Where Have All the Happy Witches Gone?
Author: Autumn Heartsong
Like many of you, I didn’t have the experience of being raised Pagan. My baby feet never toddled on a Pagan path and I was well into my middle adult years before I stepped out on that road. I’ve not looked back, save for an occasional glance over my shoulder to compare the road I’m on to those I traveled before. As you might expect, there are vast differences between them, but it is a similarity that has been top of mind lately, one that touches what is, to me, the very heart of a Witch’s walk.
I was raised in a Christian faith that put a great deal of value on reasoning, study, and careful thought. Services were quiet, orderly, and structured. Even the music was quiet. There were no choirs, no soloists. Most of the time it seemed as though everyone in the congregation was trying to under-sing everyone else, as if actually being heard would somehow lessen the holiness of the moment. I always felt, no matter how much knowledge we acquired, our worship was cold and empty. There was no joy, no bliss, no celebration. It was all head and no heart.
As a young adult, I ventured away from that branch of Christianity into more charismatic churches. Ah, I thought, here were people who knew what bliss was! They really understood and felt their faith! They sang lustily, prayed loudly, even danced in the aisles. Yes! I loved it! But when I began to ask questions about the basis for their faith, I found very few answers.
“It’s all a mystery, ” they said. “We’re not meant to understand.”
Not meant to understand? You mean my eternal salvation or damnation depends on some mystery I’m not meant to grasp, on a book I’m not really meant to study, and on questions I can’t know the answers to? That didn’t sit well with me, either. Empty ecstatic celebration might as well have been a rave as a religious experience. It was all heart, no head.
I became a spiritual wanderer, looking in every book, under every rock, and up every tree for answers, listening for the ring of truth. When I found it, more in the rocks and trees than in the books, the ring of truth sang out from inside me where it had been all along. And in that beautiful realization I found the balance I had sought, a path that used both my heart and my head. The more I learned, the more I had to celebrate, and the more I had to celebrate. I was so filled with wonder and joy and happiness at finally finding my place in the Universe, my role in the great scheme, how could it not overflow into my every thought and word?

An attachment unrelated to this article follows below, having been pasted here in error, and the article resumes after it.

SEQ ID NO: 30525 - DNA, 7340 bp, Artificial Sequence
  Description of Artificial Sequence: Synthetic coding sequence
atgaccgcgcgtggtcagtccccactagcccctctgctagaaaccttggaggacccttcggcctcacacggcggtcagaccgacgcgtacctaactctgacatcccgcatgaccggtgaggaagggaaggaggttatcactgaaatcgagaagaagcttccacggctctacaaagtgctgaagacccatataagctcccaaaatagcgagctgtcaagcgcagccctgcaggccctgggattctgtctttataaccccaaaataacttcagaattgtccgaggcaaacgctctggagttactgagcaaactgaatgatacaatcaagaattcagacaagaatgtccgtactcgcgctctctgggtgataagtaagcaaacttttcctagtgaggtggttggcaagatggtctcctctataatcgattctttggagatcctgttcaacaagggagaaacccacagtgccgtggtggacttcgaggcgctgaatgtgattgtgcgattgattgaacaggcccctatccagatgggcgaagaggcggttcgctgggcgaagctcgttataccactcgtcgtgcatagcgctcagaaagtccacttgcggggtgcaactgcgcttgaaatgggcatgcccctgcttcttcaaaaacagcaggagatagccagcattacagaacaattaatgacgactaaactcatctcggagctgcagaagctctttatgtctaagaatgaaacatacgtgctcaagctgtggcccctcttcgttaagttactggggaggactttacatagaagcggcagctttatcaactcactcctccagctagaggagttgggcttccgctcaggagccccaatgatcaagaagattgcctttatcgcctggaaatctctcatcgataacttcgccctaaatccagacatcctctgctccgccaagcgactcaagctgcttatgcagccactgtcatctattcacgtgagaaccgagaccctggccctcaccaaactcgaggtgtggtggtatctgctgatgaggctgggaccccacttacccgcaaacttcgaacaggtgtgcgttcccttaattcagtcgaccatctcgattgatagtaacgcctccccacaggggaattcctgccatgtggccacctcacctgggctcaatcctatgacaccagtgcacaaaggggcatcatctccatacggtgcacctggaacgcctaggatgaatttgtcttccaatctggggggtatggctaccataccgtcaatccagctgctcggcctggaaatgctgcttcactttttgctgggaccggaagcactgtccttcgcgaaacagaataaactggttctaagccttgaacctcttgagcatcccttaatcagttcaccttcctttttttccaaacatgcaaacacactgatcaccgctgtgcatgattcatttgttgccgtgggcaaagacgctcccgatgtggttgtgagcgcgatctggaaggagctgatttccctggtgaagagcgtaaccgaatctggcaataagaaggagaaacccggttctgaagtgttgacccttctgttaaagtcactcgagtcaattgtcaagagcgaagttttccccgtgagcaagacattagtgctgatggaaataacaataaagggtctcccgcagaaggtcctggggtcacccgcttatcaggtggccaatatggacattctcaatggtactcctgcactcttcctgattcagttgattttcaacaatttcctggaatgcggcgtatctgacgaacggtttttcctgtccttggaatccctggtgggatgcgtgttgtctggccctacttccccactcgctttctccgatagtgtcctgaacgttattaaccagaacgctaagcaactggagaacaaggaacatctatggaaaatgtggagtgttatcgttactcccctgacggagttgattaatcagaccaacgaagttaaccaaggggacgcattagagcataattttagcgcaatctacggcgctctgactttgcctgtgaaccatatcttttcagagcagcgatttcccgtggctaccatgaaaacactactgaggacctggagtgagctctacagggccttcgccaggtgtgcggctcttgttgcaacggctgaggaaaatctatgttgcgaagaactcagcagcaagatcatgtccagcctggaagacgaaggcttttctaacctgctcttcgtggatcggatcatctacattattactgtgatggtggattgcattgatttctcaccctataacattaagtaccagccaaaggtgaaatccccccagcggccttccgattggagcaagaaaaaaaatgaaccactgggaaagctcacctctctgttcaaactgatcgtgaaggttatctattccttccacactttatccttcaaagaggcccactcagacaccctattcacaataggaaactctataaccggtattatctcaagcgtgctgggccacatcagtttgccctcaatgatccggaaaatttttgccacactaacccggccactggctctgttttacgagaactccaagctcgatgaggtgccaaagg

Imagine, then, my confusion when I look around and see so little expression of that ecstatic experience in my pagan community. There is a hole in the happiness landscape of our everyday life. Where have all the happy Witches gone? Where is the joy?
How is it that people who are deeply connected to the rhythm and flow of nature, who commune with Deity without shame, guilt, or intercessor are not beacons of happy light in the world? Why aren’t more people spontaneously dancing in the moonlight and singing with the stars? Why aren’t we so caught up in the rapture of our connection to the Universe that we find ourselves unable to keep words like “happiness, ” “bliss, ” “joy, ” and “Yes!” out of our everyday vocabulary?
Yes, I’m aware those last few lines were a bit over the top, and I know how difficult it is to be ecstatic when your back hurts, your car payment is late, and your 401K balance is plummeting. I am aware of the state of the world we live in and know intimately the press of the “real world” from all sides. And I’m respectful of the seriousness of my path, the personal responsibility and accountability I take on when I choose to work with the fundamental energetic building blocks of the Universe. I know those things, and I’m still filled with joy and wonder, still dancing in the moonlight at every opportunity.
I have heard the naysayers among my Pagan brothers and sisters, the ones who cast knowing glances at each other and mutter “newbie” (though I’m hardly a neophyte) or, my personal favorite, “fluffy bunny.” They equate my ecstatic expression of my faith with naiveté, my joy with the zeal of the newly converted or a lack of respect for the serious nature of my path. On the other hand, there are those who welcome my celebratory enthusiasm but turn away when the conversation moves toward deeper topics. They’re content with mysteries they aren’t meant to understand.
It seems that some in the Pagan community are squaring off into two camps, head versus heart, much like the churches of my youth. I’m not willing to join either camp. My “church” is in the dance of both perspectives, where head meets heart and knowledge spawns celebration.
My enthusiastic embrace of a more charismatic Pagan path is neither naïve nor fluffy. It is a conscious choice – the choice to allow reason and emotion to overlap, to be aware of the less-than-perfect nature of the world without letting it become my focus, to grow in knowledge and experience without allowing myself to become jaded, cynical, or too sophisticated to feel wonder. From where I stand, every new bit of knowledge I gain only increases my sense of wonder and awe. I choose to embrace both head and heart in my walk – to know and to feel, to think and to dance, to see the shadow and still walk in the light.
As a Witch, I believe embracing a life of awe with will and intent is my birthright and my responsibility. It is a conscious act of creation wherein I take the gifts and insights offered to me and transform them into a life that is both grounded and ecstatic. I would wish for each of you a life filled with wonder and joyful expression. May your learning open doors in both mind and heart.
Whether you choose to physically dance in the moonlight or dance privately in your heart – dance, Witch…dance!
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